William S. Sadler, M.D. (1929)
Kindness by Maria L. Berg 2023

Today’s Images

For today’s images I decided to take a break from my abstract photography and instead play with an “Art Assignment” to photograph the abstract. I found a book called You Are an Artist by Sarah Urist Green at my local library. It turned out to be a collection of the different artists’ Art Assignments from the PBS show “The Art Assignment.”

The assignment I chose for today is from Christoph Niemann and is called “Emotional Furniture (click link to watch video).” The assignment is:

You are the director of a drama, and your actors are pieces of furniture. Scan the objects that populate the rooms you inhabit and consider them anew. What emotions might they convey, either alone or through their juxtaposition with other objects? Then get moving, arrange and rearrange your furniture, and see what theatrics unfold before your eyes.

1. Arrange furniture in three different ways, conveying three distinct emotions:

  • envy
  • melancholy
  • confidence

2. Take three photographs, each documenting one arrangement.

Christoph used a couch and a folding chair to show Envy, Melancholy, and Confidence. I altered the assignment slightly to show Kindness, Knowledge, and the kindness in knowledge, and the knowledge in kindness.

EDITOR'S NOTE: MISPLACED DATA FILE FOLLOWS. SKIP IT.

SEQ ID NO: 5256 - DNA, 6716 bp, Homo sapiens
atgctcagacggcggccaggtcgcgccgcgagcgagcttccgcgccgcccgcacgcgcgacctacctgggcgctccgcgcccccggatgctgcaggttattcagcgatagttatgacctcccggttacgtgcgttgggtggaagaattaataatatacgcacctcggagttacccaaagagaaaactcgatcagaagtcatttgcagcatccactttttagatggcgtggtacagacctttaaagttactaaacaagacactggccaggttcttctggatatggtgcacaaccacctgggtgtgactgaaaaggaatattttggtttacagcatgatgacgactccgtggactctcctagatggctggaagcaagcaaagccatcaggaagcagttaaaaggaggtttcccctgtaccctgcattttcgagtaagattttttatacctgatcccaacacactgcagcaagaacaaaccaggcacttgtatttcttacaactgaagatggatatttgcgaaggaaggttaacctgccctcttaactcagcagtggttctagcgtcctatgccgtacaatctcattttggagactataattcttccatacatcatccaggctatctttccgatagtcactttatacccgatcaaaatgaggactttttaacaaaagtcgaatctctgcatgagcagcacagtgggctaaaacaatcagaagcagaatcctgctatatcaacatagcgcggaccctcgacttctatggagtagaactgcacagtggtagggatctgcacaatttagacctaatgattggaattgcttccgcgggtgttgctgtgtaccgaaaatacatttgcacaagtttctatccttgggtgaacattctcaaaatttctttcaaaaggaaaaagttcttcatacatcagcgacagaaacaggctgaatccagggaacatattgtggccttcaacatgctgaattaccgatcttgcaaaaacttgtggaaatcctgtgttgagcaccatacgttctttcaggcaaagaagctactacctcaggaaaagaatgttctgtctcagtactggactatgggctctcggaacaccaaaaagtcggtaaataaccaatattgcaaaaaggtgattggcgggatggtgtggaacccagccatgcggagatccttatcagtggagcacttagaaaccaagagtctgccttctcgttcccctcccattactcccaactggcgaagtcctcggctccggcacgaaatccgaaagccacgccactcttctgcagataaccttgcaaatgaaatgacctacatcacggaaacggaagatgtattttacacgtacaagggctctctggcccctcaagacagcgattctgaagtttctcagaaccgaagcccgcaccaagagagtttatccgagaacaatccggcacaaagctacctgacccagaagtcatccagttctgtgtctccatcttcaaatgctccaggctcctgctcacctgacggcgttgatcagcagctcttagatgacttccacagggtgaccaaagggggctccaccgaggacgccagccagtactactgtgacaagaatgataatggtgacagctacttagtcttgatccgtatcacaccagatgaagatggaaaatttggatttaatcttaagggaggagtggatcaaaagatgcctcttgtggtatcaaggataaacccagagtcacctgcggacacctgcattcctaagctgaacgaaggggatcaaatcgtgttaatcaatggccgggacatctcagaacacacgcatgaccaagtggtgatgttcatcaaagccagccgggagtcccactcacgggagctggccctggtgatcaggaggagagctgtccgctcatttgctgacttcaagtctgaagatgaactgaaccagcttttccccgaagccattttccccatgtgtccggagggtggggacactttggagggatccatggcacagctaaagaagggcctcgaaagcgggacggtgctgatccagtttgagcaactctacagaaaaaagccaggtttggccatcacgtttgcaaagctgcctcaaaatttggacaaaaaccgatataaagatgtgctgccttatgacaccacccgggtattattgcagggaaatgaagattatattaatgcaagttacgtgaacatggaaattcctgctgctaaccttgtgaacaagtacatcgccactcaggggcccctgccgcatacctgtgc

Knowledge by Maria L. Berg 2023

The Prompts


Today’s prompt is “try writing a short poem (or a few, if you’re inspired) that follows the beats of a classic joke. Emphasize the interplay between the form of the poem – such as the line breaks – and the punchline.”

Poem A Day

Today’s prompt is

The Poem

A Comedy of Errors in the Dangerous World of Art


What do you get
when you cross
a love seat and a bookcase?

A bloody head
and a sore shoulder.


Knock, Knock
Who’s there?
Wood Bookcase
Wood Bookcase who?
Would the bookcase
have cracked your head open
if you were nicer to it?
Maybe told it how
pretty it was
(before your head
cracked it back)
now and then?


A poet, an artist, and a photographer
walk into a living room
The poet sees the blue recliner in the corner
and the table by the window and
says, “melancholy.”
The artist sees the foot rest of the recliner
holding up the corner with the missing table leg
and says, “kindness.”
The photographer jumps up on the love seat,
staring through her camera, and says,
“Yes, but if I can get just the right angle, I
can capture it all, the melancholy, the kindness
the knowledge in kindness, and the kindness in knowledge.”
She twists and wiggles and squirms, bracing her legs
against the back of the couch.
The poet and artist are mesmerized
by her serpentine searching.
“I see it,” the photographer exclaims
but misses the camera’s trigger
as the loveseat falls back, tossing
the photographer into a bookshelf
and bashing her head open.

When the photographer gets up
and gently touches the wet crown
of her head, her bright red
bloody fingers terrify her.
The poet and artist are gone.
The recliner is just a chair
and the table leg needs fixing.
When the blood clots,
she’ll right the couch and
get a hammer.


How do you forgive
a bookcase for breaking your head?

You don’t.

It was the stupid, mean couch’s fault.

One thought on “Poetry Month Challenges Day 13: Kindness and Knowledge

  1. Pingback: Poetry Month Challenges Day 15: Mercy and Misery | Experience Writing